A police chief in Pennsylvania who threatened a private citizen with felony charges in retaliation for critical Facebook comments has agreed to plead guilty to a charge of deprivation of civil rights, federal prosecutors said.
Brian Buglio was the police chief for West Hazleton, about 50 miles southwest of Scranton, when a private citizen on multiple occasions in February 2020 “posted social media content on Facebook criticizing Buglio and the West Hazleton Police Department,” according to records filed in U.S. District Court Middle District of Pennsylvania.
The critical social-media posts prompted a meeting between Buglio, 45, and the private citizen at the West Hazleton Police Department on March 4, 2020, court records said.
“During that meeting, Brian Buglio, acting under color of law, threatened to pursue felony criminal charges against Individual #1, in retaliation for Individual #1’s social media posts on Facebook and to stifle Individual #1’s exercise of free speech. During that meeting, Brian Buglio acknowledged that the threatened felony charges lacked merit.”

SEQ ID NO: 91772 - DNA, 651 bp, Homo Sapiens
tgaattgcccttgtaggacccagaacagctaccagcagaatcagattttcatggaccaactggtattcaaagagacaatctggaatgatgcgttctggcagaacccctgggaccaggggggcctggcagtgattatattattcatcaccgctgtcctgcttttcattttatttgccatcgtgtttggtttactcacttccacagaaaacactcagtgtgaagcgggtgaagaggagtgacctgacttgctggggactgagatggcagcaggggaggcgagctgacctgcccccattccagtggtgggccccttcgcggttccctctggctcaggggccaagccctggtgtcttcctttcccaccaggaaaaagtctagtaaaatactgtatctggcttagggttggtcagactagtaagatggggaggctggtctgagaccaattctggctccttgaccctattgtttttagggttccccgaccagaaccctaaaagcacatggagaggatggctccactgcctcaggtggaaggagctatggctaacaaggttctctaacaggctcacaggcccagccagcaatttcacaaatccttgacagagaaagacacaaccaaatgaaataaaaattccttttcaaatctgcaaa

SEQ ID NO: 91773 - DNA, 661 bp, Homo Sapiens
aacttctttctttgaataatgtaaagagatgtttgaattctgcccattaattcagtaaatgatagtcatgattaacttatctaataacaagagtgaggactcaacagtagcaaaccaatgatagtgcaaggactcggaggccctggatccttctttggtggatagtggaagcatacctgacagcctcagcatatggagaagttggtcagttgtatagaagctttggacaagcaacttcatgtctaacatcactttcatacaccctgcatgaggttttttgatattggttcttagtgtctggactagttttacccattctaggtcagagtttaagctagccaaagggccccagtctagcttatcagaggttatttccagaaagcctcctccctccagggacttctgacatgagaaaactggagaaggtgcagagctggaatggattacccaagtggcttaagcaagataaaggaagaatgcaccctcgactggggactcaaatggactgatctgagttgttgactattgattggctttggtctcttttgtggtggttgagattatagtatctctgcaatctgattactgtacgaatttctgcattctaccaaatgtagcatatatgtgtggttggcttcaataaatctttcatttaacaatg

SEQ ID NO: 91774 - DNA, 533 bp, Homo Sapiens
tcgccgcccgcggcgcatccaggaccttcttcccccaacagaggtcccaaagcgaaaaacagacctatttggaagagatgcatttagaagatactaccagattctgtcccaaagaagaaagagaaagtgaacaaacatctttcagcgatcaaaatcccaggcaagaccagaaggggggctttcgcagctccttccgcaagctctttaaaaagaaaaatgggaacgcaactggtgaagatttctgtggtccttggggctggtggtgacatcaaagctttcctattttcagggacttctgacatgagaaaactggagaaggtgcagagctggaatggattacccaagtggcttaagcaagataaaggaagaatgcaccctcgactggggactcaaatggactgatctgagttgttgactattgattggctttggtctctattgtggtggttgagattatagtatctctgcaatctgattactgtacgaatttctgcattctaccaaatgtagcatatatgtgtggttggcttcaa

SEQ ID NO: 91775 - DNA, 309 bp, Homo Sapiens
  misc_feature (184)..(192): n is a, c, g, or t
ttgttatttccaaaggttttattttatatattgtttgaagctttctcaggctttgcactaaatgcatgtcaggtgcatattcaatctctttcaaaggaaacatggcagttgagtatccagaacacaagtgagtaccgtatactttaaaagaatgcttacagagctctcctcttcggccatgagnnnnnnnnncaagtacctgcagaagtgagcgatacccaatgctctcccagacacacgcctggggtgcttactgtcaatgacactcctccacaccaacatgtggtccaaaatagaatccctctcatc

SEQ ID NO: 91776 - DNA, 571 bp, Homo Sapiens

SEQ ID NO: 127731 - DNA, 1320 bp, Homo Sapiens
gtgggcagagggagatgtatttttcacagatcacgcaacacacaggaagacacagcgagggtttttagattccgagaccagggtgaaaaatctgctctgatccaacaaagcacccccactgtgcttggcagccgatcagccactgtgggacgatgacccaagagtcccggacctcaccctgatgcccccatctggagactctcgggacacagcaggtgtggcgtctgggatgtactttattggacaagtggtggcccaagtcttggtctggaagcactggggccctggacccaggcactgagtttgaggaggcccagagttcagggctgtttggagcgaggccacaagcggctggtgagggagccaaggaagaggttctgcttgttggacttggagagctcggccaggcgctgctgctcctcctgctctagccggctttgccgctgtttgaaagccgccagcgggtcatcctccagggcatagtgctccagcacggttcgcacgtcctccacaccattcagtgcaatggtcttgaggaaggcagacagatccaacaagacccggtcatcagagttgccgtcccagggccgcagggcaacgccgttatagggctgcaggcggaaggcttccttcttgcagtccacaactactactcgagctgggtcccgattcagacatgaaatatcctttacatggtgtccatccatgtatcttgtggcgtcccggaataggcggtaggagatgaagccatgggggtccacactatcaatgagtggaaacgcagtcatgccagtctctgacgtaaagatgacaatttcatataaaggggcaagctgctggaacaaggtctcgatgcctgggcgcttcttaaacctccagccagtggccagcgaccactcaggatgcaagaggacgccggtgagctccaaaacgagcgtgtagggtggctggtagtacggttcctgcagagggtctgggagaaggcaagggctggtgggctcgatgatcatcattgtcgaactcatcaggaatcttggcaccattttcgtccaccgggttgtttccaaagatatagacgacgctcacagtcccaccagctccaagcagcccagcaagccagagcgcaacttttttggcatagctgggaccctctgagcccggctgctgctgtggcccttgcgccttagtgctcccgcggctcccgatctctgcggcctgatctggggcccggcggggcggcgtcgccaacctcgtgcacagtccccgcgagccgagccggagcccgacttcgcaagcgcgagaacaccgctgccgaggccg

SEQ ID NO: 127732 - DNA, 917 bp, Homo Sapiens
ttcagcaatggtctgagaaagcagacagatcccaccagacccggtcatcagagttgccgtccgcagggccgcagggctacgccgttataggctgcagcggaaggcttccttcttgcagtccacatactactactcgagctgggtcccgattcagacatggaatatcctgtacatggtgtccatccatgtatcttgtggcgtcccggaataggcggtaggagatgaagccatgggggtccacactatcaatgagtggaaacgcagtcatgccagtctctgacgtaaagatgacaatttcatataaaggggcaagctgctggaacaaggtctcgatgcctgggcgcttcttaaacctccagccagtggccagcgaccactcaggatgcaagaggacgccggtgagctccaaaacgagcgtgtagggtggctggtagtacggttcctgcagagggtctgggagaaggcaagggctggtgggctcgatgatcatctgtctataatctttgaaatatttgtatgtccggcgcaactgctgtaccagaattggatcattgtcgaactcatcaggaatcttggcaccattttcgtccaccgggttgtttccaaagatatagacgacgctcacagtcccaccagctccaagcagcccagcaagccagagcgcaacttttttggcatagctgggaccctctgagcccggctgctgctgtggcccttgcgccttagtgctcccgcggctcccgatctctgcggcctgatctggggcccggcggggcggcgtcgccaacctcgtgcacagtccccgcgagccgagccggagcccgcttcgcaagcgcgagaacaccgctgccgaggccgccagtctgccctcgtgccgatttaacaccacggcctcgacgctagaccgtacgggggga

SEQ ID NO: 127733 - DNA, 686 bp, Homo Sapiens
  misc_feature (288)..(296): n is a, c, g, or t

Following the face-to-face, the private citizen agreed to take down his critical social media posts, and also agreed to refrain from any more demeaning posts. Buglio and the private citizen cemented the pact with a handshake, court records said.
The case was investigated by the Scranton Federal Bureau of Investigation’s Public Corruption Task Force. The task force is comprised of members with the Pennsylvania State Police, the Pennsylvania Attorney General’s Office, and agents with the FBI and Internal Revenue Service, officials said.
Federal documents show Buglio has agreed to plead guilty to the charge against him. Buglio’s lawyer, listed as Fortunato N. Perri, Jr., based in Philadelphia, did not immediately respond to an NBC News request for comment on Tuesday. The charge Buglio is facing has a maximum penalty of one year imprisonment, and a fine of $100,000, records said.
NBC affiliate WNEP-TV in Scranton identified the victim as Paul DeLorenzo of East Stroudsburg.
DeLorenzo, who could not be reached Tuesday for comment, told the news outlet: “I said to Brian, ‘Why are you doing this?’ He goes, ‘Well, you like to post fake things and fake stories about me so, I could make up a fake arrest and put you in jail.'”
It was unclear on Tuesday if Buglio remained police chief with the West Hazleton Police Department. Inquiries to the police and West Hazleton officials were directed to Borough Solicitor Chistopher B. Slusser. Slusser did not immediately respond to requests for comment.
West Hazleton police have four full time and four part time officers, according to the department’s website. Buglio has worked for the department since 1996.